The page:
Health officials have yet to confirm any cases where the disease has been passed from human to human, although possible cases have been reported in Hong Kong, Thailand and Vietnam. Rather, it appears that humans catch the disease through close contact with infected birds. The first cases seen in humans were in 1997 in Hong Kong.

Officials fear that the H5N1 strain could mutate and combine with human flu viruses, which would allow it to spread easily and rapidly. That could trigger a human pandemic in which millions of people could die. Death toll projections have ranged from more than 7.4 million people to as many as 150 million.

The Geneva gathering includes human and animal health experts, senior policy makers, economists and industry representatives. Topics to be discussed at the conference include how to contain the H5N1 disease in birds, ways to strengthen disease surveillance systems, and pandemic preparedness issues such as scientific cooperation on vaccine development and establishing regional stockpiles of anti-viral drugs and vaccines.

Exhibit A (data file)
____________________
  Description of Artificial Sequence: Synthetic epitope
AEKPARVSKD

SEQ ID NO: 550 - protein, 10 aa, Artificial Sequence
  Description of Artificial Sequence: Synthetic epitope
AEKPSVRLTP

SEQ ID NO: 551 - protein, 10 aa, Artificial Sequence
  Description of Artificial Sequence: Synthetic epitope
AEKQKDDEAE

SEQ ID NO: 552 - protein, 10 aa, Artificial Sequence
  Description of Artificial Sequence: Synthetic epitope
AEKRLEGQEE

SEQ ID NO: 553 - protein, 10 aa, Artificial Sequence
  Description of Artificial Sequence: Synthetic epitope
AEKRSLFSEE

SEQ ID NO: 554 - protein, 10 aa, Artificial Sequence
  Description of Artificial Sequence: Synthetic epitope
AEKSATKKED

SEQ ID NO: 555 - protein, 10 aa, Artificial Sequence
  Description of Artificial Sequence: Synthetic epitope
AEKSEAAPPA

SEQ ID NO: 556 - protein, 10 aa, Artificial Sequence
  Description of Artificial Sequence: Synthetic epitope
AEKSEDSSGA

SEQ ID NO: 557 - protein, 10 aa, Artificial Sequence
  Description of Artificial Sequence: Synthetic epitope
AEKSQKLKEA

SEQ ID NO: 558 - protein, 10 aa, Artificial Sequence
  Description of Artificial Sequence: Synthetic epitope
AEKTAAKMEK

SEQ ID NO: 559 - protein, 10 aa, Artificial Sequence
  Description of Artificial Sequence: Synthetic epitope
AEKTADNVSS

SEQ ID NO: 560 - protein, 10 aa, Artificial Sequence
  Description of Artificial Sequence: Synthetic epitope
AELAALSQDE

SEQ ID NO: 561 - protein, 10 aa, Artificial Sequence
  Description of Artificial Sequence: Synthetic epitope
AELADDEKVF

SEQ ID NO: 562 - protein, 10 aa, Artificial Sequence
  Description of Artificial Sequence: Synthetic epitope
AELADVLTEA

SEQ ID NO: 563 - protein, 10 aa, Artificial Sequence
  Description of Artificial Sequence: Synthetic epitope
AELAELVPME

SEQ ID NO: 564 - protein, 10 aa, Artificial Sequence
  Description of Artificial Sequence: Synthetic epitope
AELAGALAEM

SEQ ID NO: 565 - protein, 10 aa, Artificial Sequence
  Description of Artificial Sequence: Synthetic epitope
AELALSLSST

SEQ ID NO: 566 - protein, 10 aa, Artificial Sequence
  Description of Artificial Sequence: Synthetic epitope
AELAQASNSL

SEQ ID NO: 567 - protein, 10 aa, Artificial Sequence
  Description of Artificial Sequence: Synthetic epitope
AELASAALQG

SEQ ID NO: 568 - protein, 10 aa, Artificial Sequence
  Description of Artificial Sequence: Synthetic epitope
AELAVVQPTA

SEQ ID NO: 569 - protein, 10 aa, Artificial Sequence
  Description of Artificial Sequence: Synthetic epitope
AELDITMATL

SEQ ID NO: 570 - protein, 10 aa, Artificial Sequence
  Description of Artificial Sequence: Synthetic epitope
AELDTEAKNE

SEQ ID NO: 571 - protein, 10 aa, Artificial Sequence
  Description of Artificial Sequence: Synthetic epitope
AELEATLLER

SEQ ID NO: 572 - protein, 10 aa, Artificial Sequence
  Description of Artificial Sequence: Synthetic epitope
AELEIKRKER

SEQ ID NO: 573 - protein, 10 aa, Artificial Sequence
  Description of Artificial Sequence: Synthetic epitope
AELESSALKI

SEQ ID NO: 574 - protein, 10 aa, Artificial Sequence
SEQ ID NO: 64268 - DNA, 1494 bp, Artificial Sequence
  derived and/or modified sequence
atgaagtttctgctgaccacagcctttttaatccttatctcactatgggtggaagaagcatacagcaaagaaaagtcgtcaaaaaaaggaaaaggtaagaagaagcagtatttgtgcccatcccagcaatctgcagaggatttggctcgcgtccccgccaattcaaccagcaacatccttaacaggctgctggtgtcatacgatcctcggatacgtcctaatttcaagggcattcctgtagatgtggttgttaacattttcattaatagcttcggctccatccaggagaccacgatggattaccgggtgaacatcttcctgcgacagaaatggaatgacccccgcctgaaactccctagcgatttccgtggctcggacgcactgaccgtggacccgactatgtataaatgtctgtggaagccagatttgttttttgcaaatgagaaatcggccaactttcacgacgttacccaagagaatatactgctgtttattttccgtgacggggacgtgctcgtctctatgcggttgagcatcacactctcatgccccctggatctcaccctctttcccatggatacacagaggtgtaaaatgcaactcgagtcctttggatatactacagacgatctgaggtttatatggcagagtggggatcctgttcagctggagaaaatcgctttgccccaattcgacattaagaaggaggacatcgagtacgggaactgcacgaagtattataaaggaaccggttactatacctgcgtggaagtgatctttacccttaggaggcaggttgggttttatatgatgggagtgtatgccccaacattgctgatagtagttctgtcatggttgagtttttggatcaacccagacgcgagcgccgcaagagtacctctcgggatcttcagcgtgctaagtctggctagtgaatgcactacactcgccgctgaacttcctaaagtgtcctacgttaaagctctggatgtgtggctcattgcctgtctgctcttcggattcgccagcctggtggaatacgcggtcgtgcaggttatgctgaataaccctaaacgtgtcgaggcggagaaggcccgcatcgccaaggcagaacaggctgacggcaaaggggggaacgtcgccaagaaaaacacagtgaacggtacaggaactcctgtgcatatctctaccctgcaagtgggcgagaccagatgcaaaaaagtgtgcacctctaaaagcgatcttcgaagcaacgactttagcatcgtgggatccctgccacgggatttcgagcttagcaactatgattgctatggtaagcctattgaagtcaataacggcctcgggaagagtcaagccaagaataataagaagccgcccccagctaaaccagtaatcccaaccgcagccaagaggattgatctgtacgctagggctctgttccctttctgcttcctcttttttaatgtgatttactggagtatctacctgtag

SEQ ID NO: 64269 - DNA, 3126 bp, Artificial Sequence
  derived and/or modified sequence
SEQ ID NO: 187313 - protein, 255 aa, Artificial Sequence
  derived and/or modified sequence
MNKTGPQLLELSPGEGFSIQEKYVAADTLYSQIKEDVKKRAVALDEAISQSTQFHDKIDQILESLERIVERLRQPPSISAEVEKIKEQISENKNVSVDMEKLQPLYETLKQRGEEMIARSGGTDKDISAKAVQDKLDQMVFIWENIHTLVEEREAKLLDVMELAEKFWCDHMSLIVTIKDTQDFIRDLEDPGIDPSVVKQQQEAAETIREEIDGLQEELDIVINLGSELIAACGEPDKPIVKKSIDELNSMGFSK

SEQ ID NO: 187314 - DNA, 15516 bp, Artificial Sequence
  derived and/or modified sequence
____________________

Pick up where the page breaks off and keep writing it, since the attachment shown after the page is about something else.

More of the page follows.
The World Bank, one of the co-organizers of the event, is scheduled to lead a session Wednesday on how to help countries and agencies fund those program. A spokesman said "initial" donations of between $300 million and $500 million would be required. The total cost could be enormous.

Japan was considering giving $2.6 million to the WHO to help combat bird flu, the newspaper Yomiuri Shimbun reported Sunday. The U.S. has offered $251 million to fight bird flu in Asia, part of an overall $7.1 billion package proposed by the government. China has said it would donate $248 million.

Countries worldwide have been developing plans on how to deal with an outbreak of bird flu and the possibility of it spreading between humans. WHO has urged countries to stockpile enough anti-viral drugs to handle a pandemic; Tamiflu is widely mentioned as the drug of choice although supply has not been able to keep up with demand and it was not specifically designed for bird flu.

Although Tamiflu manufacturer Roche said it could take two to three years for others to develop the expertise to manufacture its drug, two Asian groups have announced they have produced generic versions of the drug.